A noticeably hoarse Hillary Clinton described herself as a threat to entrenched political power in a Thursday interview with Israel’s Channel 2 News.
“I represent a very clear challenge to the status quo, the stereotype of leadership, the challenge to vested power and forces that I don’t think are always in the best interests of our country,” said Clinton.
Clinton then connected her Quixotic self-description to gender, presenting herself as a woman outsider combating widespread political misogyny and anti-woman sexism.
Donald Trump, said Clinton, was aligning himself with all flavors of bigotry.
2016’s presidential campaign season was uprecedented, said Clinton, because of Trump’s “divisiveness, his willingness to engage in bigotry and bluster and bullying, his alliance with hate groups, white supremacist groups, anti-Semitic groups, anti-women, comments, his Islamophobia, [and] negativity towards immigrants.”
Clinton derided Trump’s supporters as subscribing to various bigotries:
“You can take Trump supporters and put them in two big baskets. There was what I call ‘the deplorables’, y’know, the racists, and, y’know, the haters, and the people who are drawn because they think somehow he’s going to restore an America that no longer exists. So just eliminate them from your thinking, because we’ve always had a kind of paranoiac prejudicial element within our politics.”
The second group of Trump’s supporters as per Clinton’s delineation, however, was described as being driven by “fear and anger.” This cohort of Trump’s supporters was belittled as longing for “care” from politicians.
“There is a significant number of people who feel like nobody cares about them,” said Clinton, implying that she cares about these Americans.
The “fear and anger” animating Trump’s supporters was part of a broader global phenomenon, said Clinton, connecting it to Brexit. These phenomena were products of a “rise of far-right nationalistic parties and democracies,” said Clinton.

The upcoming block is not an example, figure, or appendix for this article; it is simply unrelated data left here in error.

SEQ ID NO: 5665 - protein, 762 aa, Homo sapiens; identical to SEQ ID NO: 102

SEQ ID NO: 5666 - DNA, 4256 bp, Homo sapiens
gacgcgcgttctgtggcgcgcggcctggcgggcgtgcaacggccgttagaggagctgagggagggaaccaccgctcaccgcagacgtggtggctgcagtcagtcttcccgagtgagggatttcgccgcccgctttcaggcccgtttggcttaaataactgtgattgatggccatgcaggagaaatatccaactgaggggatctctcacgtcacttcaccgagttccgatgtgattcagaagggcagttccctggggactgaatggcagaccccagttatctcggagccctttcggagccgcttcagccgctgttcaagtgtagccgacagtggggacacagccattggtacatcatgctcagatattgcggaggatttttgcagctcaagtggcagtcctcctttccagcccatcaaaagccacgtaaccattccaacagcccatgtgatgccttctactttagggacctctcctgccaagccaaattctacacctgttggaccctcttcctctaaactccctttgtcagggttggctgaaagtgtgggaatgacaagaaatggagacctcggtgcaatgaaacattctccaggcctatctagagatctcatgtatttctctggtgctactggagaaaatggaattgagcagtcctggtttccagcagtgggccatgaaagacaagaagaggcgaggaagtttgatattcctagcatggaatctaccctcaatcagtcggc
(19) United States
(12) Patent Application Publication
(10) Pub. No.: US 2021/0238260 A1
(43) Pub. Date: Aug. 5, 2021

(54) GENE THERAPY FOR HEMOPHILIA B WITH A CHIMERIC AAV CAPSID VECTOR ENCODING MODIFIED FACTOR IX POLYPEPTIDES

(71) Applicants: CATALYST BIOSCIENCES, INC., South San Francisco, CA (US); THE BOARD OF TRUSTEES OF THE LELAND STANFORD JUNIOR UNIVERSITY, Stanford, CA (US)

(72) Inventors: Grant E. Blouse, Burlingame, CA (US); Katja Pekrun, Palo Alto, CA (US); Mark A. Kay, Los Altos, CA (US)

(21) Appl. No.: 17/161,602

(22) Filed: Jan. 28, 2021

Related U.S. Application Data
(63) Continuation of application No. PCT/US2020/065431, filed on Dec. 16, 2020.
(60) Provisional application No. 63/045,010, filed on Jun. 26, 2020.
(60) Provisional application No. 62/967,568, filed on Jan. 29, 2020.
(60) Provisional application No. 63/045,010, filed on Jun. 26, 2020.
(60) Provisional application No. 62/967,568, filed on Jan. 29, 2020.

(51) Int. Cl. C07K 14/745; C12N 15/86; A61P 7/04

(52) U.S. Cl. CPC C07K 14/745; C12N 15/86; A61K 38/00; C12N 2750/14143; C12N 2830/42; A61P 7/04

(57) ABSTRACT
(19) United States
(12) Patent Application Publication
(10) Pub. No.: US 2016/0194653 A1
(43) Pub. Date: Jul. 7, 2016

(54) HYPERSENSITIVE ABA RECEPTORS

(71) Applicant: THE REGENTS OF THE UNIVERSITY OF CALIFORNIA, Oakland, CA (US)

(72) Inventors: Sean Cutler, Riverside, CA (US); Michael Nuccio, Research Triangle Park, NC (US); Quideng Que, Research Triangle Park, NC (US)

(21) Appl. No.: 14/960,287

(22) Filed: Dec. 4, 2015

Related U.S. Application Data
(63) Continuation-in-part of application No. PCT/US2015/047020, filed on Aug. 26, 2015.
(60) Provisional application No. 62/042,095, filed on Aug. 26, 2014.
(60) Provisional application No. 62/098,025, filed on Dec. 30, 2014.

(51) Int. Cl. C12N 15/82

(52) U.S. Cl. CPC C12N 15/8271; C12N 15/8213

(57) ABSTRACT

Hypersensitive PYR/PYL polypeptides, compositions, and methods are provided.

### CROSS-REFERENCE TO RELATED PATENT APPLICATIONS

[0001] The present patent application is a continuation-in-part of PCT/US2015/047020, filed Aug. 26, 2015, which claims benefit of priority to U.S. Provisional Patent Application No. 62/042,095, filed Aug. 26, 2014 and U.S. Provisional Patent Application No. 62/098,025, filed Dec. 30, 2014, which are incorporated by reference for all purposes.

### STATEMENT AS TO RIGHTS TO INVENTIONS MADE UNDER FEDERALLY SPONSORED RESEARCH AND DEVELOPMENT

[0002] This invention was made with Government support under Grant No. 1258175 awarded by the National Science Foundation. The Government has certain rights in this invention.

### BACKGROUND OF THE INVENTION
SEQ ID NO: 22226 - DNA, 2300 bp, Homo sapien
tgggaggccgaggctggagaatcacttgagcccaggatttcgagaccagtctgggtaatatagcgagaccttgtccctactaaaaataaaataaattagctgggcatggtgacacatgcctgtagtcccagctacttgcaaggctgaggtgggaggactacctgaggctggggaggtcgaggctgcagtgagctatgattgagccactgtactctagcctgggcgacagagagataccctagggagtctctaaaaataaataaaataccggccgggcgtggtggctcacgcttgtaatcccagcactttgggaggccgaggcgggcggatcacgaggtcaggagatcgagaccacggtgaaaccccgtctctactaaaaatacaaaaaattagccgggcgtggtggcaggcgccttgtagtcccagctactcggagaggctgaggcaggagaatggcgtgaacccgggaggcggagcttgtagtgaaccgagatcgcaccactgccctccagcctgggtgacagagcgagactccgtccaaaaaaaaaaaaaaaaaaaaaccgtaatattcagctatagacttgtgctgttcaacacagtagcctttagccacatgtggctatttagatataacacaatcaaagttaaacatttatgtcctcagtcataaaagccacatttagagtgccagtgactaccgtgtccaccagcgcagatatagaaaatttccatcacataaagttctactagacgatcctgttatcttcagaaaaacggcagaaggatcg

Attempting to cast herself as pro-Israel, Clinton expressed her commitment to preserving Israel’s “qualitative military edge” relative to regional Muslim-majority states. A military edge, however, is useless without the ability and will to leverage it where necessary
Clinton did not call for loosening American pressure on Israeli politics or military operations in pursuit of appeasing “Palestinians” and their allies. Also ignored was American taxpayer funding of Islamic terrorism via both direct and indirect aid to the Palestinian Authority and affiliated Muslim-Arab groups.
Clinton played down reports of strained relations between President Barack Obama and Israeli Prime Minister Benjamin Netanyahu. “I honestly believe no administration has done more for the security of Israel than the Obama Administration,” said Clinton. “I was proud to be a part of that.”
“Putting a lid on Iran’s nuclear program has made Israel safer,” asserted Clinton, heralding the nuclear deal with Iran.
ISIS, said Clinton, is praying for a Trump presidency.
“Trump has made Islam and Muslims part of his campaign, and basically, the Jihadists see this as a great gift. They are saying, ‘Oh, please Allah. Make Trump president of America.'”
Watch the full interview below.
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